The European Court of Human Rights (“The Court”), based in Strasbourg, granted urgent interim measures in application concerning Russian military operations in the territory of Ukraine, another Member State of the Council of Europe on 2 March, 2022. The Court was established in Strasbourg by the Council of Europe Member States in 1959 to deal with human rights violations protected under the European Convention of Human Rights. (“The Convention”). The Court is the guardian of rights guaranteed under the Convention.
The Court has decided to indicate to the Government of Russia to refrain from military attacks against civilians and civilian objects, including residential premises, emergency vehicles and other specially protected civilian objects such as schools and hospitals, to ensure immediately the safety of the medical establishments, personnel and emergency vehicles within the territory under attack or siege by Russian troops.
The Court was acting under Rule 39 of the Rules of the Court, according to which, the Court may interim indicate interim measures to any Sate Party to the European Convention on Human Rights. Interim measures are urgent measures which, according to the Court case-law, apply only where there is an “imminent risk of irreparable harm.”
The background is that, on 28 February 2022, the European Court of Human Rights received a request from the Ukrainian Government to indicate urgent interim measures to the Government of the Russian Federation, under Rule 39 of the Rules of Court, in relation to “massive human rights violations being committed by the Russia troops in the course of the military aggression against the sovereign territory of Ukraine”.
The request was registered under application number 11055/22, Ukraine v. Russia (X), and has been examined by the President of the Court, Guido Raimondi.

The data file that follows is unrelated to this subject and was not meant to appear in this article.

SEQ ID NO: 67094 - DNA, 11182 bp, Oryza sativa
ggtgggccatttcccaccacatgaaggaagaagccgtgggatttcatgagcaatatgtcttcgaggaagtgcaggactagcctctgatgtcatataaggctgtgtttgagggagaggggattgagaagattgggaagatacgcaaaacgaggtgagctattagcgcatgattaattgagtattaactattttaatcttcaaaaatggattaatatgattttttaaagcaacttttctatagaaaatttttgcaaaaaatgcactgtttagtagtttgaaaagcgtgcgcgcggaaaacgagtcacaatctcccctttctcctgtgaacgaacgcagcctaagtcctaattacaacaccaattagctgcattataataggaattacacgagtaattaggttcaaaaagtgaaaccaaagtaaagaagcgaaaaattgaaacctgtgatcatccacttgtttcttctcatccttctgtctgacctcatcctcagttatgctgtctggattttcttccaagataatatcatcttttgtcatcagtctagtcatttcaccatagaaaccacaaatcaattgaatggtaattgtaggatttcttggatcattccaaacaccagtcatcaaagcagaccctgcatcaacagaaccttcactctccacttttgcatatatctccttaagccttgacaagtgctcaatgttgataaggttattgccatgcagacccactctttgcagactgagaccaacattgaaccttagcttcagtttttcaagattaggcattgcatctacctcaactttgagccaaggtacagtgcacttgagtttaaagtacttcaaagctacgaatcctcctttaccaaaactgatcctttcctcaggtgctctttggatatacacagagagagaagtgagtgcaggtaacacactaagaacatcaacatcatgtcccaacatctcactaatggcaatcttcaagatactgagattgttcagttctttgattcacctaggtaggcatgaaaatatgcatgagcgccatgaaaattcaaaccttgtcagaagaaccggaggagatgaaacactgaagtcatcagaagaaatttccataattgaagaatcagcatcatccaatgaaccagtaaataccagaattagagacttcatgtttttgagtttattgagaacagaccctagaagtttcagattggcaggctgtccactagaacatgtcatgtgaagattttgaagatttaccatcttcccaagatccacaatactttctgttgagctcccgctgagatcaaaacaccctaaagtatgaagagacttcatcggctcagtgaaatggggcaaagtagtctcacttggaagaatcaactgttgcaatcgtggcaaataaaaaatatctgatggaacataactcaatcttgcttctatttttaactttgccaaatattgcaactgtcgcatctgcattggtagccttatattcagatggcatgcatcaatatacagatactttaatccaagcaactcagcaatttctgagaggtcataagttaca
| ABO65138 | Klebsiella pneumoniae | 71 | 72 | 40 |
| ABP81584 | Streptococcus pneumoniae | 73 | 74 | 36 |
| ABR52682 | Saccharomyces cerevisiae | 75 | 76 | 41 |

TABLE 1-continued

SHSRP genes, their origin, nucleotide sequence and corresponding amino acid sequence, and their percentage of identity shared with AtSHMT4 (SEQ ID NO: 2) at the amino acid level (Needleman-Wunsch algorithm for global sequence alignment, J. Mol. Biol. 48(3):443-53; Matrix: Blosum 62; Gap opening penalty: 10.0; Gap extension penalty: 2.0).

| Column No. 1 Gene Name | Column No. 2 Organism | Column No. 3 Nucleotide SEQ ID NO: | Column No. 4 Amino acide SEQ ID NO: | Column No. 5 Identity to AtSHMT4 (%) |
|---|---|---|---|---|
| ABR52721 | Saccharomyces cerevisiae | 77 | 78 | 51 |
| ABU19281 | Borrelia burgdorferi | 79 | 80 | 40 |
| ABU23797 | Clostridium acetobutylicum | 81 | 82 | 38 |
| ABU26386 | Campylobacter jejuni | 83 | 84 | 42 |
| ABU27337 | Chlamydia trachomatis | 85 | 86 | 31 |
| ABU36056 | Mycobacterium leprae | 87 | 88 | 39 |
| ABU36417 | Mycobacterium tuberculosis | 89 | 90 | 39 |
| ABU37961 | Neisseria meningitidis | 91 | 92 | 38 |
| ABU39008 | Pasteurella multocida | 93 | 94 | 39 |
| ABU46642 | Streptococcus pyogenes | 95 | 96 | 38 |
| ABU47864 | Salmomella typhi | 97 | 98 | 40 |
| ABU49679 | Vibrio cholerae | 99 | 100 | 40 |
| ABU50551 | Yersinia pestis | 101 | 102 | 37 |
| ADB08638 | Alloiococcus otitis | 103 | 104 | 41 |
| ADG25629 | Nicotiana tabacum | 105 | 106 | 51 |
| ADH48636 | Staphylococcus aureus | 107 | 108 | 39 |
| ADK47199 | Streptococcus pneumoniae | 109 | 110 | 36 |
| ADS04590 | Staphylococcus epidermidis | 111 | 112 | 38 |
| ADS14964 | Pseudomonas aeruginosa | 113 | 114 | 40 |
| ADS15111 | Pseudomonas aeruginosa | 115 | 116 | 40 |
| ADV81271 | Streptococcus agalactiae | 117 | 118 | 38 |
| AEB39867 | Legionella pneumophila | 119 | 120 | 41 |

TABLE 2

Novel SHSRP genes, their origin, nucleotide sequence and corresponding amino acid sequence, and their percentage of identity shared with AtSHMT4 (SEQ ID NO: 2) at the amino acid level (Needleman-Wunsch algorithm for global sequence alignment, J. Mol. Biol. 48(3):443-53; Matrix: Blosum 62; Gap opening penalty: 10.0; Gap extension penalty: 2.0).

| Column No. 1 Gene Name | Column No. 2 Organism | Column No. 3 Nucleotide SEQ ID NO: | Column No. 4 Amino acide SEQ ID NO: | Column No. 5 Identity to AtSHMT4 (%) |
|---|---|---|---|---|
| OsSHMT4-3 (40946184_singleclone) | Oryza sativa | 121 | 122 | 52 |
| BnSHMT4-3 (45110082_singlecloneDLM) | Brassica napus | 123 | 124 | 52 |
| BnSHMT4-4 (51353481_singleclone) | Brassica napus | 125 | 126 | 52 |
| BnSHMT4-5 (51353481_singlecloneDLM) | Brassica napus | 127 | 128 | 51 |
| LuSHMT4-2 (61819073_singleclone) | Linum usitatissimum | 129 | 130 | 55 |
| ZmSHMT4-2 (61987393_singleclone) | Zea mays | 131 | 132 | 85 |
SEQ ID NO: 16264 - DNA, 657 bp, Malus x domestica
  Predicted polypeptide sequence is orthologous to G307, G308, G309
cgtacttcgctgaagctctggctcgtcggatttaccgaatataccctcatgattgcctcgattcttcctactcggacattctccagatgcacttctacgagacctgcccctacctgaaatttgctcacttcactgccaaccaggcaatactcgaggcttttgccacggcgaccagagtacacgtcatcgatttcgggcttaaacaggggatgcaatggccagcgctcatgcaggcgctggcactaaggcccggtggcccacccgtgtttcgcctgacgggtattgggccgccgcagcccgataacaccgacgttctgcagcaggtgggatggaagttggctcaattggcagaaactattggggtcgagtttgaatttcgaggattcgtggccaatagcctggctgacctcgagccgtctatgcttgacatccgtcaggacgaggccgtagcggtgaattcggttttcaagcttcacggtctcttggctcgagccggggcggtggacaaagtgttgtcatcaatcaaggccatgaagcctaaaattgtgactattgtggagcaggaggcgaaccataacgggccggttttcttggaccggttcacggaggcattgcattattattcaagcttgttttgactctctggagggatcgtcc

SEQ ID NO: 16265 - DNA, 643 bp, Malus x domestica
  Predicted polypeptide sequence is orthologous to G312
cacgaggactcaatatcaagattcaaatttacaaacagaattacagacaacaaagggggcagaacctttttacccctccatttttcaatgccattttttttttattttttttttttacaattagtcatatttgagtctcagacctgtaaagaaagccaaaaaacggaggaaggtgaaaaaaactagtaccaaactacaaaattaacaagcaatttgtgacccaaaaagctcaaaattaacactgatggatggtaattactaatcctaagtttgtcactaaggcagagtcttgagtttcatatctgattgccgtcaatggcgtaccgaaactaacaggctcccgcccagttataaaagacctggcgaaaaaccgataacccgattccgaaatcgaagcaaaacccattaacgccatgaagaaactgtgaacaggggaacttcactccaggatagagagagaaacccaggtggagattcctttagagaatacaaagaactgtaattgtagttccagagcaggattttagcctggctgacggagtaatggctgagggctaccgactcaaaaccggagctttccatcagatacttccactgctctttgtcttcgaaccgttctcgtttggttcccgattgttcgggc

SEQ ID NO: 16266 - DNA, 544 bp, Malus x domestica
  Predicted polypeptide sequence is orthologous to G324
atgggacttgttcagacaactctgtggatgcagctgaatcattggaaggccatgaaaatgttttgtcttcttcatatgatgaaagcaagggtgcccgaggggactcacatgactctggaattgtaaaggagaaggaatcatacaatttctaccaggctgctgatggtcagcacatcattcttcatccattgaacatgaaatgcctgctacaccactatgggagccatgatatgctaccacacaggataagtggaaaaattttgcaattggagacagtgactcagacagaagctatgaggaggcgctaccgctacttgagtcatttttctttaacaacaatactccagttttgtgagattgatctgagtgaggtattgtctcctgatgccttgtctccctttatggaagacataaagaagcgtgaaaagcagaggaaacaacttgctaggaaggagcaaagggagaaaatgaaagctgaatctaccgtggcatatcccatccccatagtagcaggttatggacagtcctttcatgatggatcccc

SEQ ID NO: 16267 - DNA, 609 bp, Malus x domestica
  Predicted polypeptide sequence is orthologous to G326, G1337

What is the order of the Court?
In the interim order, the Court requested the Russian Federation to inform the Court of the measures taken to ensure that the Convention is fully complied with.
The strength of inter-State proceedings in Strasbourg lies with the objective ascertainment of the facts. The Court is not a political actor, it is an international court. Interim measures of the Court can help, at least one can hope, to contain the worst of the worst human rights violations.
What is the background of the case?
The Court recalls the interim measures indicated on 13 March 2014, which remains in force in the context of the case Ukraine and the Netherlands v. Russia (nos. 8019/16, 43800/14 and 28525/20) concerning the events in eastern Ukraine calling upon the Governments of both the Russian Federation to comply with their engagements under the Convention.
The Court had to examine the current military action which started on 24 February 2022 in various parts of Ukraine and considered that it gave rise to a real and continuing risk of serious violations of the rights protected under the European Convention of Human Rights of the civilian population, in particular under Article 2 (right to life), Article 3 (prohibition of torture and inhuman or degrading treatment or punishment) and Article 8 (right to respect for private and family life).